Small Town Documentary class

Putting a focus on small towns – Dan Overturf, left, a professor in Southern Illinois University Carbondale’s Department of Cinema and Photography, discusses photos shot by Aaron Sandage with Jane Flynn, center, and Sandage. The two students are in Overturf’s biennial Small Town Documentary class. (Photo by Russell Bailey)

December 01, 2014

Student photographers capture life in small towns

by Pete Rosenbery

CARBONDALE, Ill. -- The opportunity to photograph and document residents in Stonefort has been a rewarding challenge for Southern Illinois University Carbondale graduate student Jane Flynn. 

She is one of 10 students in a Small Town Documentary class who are chronicling a separate community in the region as part of a semester-long project. In addition to helping her build her confidence by learning to approach and work with strangers on a project, Flynn, an international student from Edinburgh, Scotland, said she is learning that getting to know her subjects is a “real two-way interaction.” 

“They are really interested in my life and I am equally interested in their life,” Flynn said. “I believe you get out as much as you put in; I almost always leave Stonefort very emotionally and physically tired. Interacting with people has never been one of my strong points, so this class has really pushed my boundaries in this sense, as well as allowing me to push my photography.” 

Work by Flynn and the other students will be on exhibit beginning Dec. 4 through the end of the semester in numerous display cases in the north and west wings of the Communications Building between the School of Journalism and the cinema and photography department. An opening reception is at 4:30 p.m., Dec. 4. The reception and exhibit are open to the public.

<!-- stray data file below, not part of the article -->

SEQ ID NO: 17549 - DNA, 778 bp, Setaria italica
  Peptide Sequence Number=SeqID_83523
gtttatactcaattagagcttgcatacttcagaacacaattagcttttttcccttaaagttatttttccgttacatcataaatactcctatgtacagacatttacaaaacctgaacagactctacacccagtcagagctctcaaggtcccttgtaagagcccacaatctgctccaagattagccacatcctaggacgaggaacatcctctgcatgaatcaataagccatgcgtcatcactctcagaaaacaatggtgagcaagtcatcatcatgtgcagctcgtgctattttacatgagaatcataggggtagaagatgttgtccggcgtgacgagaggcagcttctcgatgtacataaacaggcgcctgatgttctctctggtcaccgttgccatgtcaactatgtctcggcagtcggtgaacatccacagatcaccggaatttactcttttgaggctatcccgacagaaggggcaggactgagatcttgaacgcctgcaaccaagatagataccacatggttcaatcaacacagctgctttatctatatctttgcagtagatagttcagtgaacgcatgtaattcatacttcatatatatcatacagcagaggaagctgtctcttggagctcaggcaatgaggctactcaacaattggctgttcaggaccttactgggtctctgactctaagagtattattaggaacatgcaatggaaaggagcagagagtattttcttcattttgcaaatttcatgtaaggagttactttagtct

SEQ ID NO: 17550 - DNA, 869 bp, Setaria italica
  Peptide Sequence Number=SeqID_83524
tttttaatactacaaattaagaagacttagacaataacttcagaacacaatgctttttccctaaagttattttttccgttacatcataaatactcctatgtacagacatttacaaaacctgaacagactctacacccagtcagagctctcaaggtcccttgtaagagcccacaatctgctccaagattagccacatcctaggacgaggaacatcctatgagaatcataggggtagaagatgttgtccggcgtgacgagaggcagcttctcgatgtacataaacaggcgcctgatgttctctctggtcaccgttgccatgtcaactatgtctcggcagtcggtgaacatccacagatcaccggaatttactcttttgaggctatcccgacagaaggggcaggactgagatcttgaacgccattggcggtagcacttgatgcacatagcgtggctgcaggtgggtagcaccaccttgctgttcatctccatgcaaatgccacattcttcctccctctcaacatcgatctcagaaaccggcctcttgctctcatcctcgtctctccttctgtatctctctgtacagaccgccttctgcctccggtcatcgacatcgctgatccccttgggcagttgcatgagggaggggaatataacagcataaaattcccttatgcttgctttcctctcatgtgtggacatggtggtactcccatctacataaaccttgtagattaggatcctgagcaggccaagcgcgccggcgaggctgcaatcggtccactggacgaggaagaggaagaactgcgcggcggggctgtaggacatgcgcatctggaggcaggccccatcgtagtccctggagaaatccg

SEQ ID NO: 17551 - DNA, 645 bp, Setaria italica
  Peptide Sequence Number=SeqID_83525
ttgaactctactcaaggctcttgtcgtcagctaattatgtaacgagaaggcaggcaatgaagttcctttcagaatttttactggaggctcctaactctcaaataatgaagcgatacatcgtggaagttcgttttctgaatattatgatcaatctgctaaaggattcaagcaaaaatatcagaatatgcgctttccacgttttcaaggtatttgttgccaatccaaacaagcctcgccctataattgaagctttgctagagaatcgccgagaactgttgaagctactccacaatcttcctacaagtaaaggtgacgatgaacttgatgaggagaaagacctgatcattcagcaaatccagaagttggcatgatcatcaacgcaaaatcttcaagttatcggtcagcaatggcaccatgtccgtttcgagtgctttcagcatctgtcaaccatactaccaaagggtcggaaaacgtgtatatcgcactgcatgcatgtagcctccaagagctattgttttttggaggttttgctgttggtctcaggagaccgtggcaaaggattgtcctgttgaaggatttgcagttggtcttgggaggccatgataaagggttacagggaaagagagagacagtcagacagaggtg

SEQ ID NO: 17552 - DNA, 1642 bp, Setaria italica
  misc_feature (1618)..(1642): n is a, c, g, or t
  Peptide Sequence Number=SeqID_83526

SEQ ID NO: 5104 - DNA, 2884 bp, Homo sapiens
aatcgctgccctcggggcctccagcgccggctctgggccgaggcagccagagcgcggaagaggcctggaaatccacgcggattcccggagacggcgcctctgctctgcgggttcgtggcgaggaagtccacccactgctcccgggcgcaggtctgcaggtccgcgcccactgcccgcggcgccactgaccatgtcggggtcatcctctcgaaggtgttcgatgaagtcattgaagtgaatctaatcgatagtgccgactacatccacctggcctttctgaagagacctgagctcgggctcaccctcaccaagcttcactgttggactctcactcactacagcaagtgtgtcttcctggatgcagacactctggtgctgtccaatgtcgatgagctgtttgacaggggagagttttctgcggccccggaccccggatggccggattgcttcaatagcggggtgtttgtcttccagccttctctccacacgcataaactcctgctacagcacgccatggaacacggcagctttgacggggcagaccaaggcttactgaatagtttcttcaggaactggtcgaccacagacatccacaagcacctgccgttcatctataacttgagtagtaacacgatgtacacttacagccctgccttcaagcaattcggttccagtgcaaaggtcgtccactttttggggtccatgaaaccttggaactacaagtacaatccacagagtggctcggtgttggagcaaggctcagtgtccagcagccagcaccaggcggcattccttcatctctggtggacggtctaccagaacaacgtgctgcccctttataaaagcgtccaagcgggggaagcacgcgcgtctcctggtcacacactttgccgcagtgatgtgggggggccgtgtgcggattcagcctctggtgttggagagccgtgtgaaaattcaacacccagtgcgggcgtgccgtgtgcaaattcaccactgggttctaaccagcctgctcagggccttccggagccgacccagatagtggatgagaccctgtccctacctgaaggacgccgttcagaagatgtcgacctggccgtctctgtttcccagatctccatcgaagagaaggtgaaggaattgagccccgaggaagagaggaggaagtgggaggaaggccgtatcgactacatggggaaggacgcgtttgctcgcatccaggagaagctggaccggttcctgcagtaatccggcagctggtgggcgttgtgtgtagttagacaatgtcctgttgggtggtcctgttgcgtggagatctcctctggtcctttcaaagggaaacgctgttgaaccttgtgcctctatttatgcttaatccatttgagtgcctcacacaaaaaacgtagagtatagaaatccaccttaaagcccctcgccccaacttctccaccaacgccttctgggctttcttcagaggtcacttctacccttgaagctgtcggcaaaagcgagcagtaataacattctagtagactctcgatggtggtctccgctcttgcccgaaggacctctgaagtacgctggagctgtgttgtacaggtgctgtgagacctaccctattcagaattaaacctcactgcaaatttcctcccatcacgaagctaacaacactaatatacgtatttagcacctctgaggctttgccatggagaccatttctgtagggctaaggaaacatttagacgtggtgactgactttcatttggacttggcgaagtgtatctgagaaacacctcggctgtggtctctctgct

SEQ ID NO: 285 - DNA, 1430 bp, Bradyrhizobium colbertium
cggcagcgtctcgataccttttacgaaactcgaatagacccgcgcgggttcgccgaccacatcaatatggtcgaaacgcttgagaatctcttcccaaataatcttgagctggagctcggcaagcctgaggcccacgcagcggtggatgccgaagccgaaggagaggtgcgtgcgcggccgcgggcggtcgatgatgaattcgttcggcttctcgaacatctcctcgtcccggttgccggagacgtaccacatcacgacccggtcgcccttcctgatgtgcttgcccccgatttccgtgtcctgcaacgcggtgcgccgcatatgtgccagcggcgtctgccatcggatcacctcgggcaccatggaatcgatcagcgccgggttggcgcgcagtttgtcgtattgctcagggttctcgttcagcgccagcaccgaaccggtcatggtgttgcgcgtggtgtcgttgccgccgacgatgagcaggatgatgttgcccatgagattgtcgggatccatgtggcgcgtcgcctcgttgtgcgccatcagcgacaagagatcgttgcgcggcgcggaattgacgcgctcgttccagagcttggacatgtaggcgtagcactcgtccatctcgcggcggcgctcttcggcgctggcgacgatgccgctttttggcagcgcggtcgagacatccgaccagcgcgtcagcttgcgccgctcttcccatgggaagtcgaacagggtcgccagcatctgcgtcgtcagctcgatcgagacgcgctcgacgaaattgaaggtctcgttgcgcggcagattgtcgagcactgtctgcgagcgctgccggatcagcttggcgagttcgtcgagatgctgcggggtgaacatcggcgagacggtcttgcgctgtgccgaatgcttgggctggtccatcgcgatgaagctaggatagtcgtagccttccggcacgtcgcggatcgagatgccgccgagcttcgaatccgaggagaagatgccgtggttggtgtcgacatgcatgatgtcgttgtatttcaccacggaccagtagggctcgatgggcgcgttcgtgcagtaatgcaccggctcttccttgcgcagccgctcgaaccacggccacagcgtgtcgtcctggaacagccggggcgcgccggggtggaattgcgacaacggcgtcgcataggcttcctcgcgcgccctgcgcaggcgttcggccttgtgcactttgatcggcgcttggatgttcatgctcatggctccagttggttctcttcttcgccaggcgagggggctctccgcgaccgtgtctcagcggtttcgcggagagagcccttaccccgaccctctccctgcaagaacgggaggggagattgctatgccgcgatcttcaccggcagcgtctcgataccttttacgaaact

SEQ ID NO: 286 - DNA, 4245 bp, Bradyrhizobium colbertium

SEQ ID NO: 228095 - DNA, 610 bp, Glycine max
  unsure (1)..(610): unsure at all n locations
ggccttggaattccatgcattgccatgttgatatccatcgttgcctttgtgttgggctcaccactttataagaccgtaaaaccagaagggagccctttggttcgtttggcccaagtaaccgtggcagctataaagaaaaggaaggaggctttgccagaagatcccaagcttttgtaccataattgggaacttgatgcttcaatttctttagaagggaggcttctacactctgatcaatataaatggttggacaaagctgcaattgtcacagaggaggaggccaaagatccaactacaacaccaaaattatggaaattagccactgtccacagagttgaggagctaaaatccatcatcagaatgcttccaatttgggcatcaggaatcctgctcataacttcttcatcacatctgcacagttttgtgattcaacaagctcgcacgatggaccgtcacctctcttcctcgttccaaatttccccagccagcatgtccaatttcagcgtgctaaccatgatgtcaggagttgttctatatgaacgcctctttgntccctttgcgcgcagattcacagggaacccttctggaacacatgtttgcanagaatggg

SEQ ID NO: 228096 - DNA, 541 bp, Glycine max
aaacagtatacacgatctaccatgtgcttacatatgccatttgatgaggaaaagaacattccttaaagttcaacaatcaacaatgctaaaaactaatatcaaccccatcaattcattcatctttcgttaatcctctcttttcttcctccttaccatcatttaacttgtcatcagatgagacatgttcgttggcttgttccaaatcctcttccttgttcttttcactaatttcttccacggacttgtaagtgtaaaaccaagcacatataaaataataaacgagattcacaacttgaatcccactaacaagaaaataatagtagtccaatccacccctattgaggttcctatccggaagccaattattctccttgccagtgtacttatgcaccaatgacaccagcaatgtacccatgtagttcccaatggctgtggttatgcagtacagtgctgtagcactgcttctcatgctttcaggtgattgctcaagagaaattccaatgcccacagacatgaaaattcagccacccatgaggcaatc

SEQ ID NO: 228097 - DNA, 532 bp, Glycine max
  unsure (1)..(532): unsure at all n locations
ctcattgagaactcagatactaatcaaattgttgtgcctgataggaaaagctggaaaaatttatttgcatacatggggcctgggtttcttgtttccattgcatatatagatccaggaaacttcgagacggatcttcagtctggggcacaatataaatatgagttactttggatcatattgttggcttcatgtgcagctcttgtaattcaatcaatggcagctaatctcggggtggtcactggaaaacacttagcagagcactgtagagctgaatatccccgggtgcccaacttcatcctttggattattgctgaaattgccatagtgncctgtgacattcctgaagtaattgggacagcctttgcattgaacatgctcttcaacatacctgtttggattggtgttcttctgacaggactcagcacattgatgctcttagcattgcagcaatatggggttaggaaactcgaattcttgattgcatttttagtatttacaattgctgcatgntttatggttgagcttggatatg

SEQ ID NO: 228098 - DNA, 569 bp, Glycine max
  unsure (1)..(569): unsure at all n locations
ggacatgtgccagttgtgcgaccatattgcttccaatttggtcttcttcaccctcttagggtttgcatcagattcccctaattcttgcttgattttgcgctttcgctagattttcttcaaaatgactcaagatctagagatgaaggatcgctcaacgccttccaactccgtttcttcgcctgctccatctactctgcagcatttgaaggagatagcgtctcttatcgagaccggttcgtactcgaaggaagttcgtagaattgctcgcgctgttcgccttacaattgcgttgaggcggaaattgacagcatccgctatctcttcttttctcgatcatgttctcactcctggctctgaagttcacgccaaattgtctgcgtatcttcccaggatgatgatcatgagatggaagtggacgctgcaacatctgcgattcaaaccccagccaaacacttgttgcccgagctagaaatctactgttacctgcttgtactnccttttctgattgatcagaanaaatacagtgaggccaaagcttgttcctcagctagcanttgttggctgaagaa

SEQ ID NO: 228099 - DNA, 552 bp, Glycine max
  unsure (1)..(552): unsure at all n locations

Daniel Overturf, a professor in the Department of Cinema and Photography, teaches the biennial class. This is the ninth edition of the class since it began in 1996. Students blend geography, sociology, history, contemporary issues, education, art, individual curiosity and photographic skill. The work can be a mix of portraits, every day and unique events and other notable features of the students’ selected community. The students also research their communities and form attachments to them. 

Aaron Sandage, a junior from Macomb, said the class allowed each person to take the town and approach it how they wanted, which lets each student “express their creativity in their own way.” Sandage, who has been working in Grand Tower, said there “is a tight sense of community” among the 600 or so residents. As the semester-long project wound down, most people there knew him and were supportive. 

“Families invited me in to visit locations around town, they invited me in for meals, and even gifted me photography equipment,” he said.  “Being able to throw yourself into a community, make connections and document them is an important ability to have with any form of documentary, and this class definitely helped me develop that skill.” 

The class is not just about photography, but an avenue for sharing stories and experiences. That “holds a lot of value when so much emphasis is put on technical skills in the majority of production classes,” he said.